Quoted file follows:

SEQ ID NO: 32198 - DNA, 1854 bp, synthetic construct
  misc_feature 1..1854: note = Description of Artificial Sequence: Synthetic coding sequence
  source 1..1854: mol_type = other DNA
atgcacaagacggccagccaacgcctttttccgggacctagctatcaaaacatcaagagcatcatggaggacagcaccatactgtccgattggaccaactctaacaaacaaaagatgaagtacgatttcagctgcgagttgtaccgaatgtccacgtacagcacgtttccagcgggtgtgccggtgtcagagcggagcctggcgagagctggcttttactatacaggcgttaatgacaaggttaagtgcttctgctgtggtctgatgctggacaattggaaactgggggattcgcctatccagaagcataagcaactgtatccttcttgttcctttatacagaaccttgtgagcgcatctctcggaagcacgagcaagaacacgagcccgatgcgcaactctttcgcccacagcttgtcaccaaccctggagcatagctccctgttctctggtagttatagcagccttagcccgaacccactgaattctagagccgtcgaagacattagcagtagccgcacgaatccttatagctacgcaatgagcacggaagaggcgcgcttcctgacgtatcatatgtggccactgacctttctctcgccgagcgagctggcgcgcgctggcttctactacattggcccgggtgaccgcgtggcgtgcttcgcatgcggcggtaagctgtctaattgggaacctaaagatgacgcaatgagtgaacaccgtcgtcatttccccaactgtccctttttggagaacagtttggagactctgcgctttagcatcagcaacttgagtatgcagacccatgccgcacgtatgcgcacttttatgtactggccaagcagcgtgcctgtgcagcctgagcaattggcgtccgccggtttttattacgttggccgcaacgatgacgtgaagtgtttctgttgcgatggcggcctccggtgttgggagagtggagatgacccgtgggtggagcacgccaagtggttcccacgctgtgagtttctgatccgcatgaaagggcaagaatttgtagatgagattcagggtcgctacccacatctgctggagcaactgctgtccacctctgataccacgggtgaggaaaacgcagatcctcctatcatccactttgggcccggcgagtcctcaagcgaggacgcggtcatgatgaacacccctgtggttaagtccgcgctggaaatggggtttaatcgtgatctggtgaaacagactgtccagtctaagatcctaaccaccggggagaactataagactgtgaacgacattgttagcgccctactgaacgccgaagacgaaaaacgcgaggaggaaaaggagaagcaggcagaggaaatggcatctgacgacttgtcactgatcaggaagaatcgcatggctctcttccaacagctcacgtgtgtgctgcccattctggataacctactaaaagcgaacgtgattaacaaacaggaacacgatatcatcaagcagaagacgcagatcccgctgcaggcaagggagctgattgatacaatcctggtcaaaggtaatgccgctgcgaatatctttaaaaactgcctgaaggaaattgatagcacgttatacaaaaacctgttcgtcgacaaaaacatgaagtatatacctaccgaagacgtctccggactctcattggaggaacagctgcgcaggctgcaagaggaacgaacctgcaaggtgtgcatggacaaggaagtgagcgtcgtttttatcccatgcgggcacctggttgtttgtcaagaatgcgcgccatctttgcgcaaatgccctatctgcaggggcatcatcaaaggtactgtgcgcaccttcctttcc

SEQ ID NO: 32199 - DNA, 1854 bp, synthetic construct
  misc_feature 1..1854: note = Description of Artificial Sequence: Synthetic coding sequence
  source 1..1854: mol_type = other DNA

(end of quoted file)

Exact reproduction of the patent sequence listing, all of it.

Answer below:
SEQ ID NO: 32198 - DNA, 1854 bp, synthetic construct
  misc_feature 1..1854: note = Description of Artificial Sequence: Synthetic coding sequence
  source 1..1854: mol_type = other DNA
atgcacaagacggccagccaacgcctttttccgggacctagctatcaaaacatcaagagcatcatggaggacagcaccatactgtccgattggaccaactctaacaaacaaaagatgaagtacgatttcagctgcgagttgtaccgaatgtccacgtacagcacgtttccagcgggtgtgccggtgtcagagcggagcctggcgagagctggcttttactatacaggcgttaatgacaaggttaagtgcttctgctgtggtctgatgctggacaattggaaactgggggattcgcctatccagaagcataagcaactgtatccttcttgttcctttatacagaaccttgtgagcgcatctctcggaagcacgagcaagaacacgagcccgatgcgcaactctttcgcccacagcttgtcaccaaccctggagcatagctccctgttctctggtagttatagcagccttagcccgaacccactgaattctagagccgtcgaagacattagcagtagccgcacgaatccttatagctacgcaatgagcacggaagaggcgcgcttcctgacgtatcatatgtggccactgacctttctctcgccgagcgagctggcgcgcgctggcttctactacattggcccgggtgaccgcgtggcgtgcttcgcatgcggcggtaagctgtctaattgggaacctaaagatgacgcaatgagtgaacaccgtcgtcatttccccaactgtccctttttggagaacagtttggagactctgcgctttagcatcagcaacttgagtatgcagacccatgccgcacgtatgcgcacttttatgtactggccaagcagcgtgcctgtgcagcctgagcaattggcgtccgccggtttttattacgttggccgcaacgatgacgtgaagtgtttctgttgcgatggcggcctccggtgttgggagagtggagatgacccgtgggtggagcacgccaagtggttcccacgctgtgagtttctgatccgcatgaaagggcaagaatttgtagatgagattcagggtcgctacccacatctgctggagcaactgctgtccacctctgataccacgggtgaggaaaacgcagatcctcctatcatccactttgggcccggcgagtcctcaagcgaggacgcggtcatgatgaacacccctgtggttaagtccgcgctggaaatggggtttaatcgtgatctggtgaaacagactgtccagtctaagatcctaaccaccggggagaactataagactgtgaacgacattgttagcgccctactgaacgccgaagacgaaaaacgcgaggaggaaaaggagaagcaggcagaggaaatggcatctgacgacttgtcactgatcaggaagaatcgcatggctctcttccaacagctcacgtgtgtgctgcccattctggataacctactaaaagcgaacgtgattaacaaacaggaacacgatatcatcaagcagaagacgcagatcccgctgcaggcaagggagctgattgatacaatcctggtcaaaggtaatgccgctgcgaatatctttaaaaactgcctgaaggaaattgatagcacgttatacaaaaacctgttcgtcgacaaaaacatgaagtatatacctaccgaagacgtctccggactctcattggaggaacagctgcgcaggctgcaagaggaacgaacctgcaaggtgtgcatggacaaggaagtgagcgtcgtttttatcccatgcgggcacctggttgtttgtcaagaatgcgcgccatctttgcgcaaatgccctatctgcaggggcatcatcaaaggtactgtgcgcaccttcctttcc

SEQ ID NO: 32199 - DNA, 1854 bp, synthetic construct
  misc_feature 1..1854: note = Description of Artificial Sequence: Synthetic coding sequence
  source 1..1854: mol_type = other DNA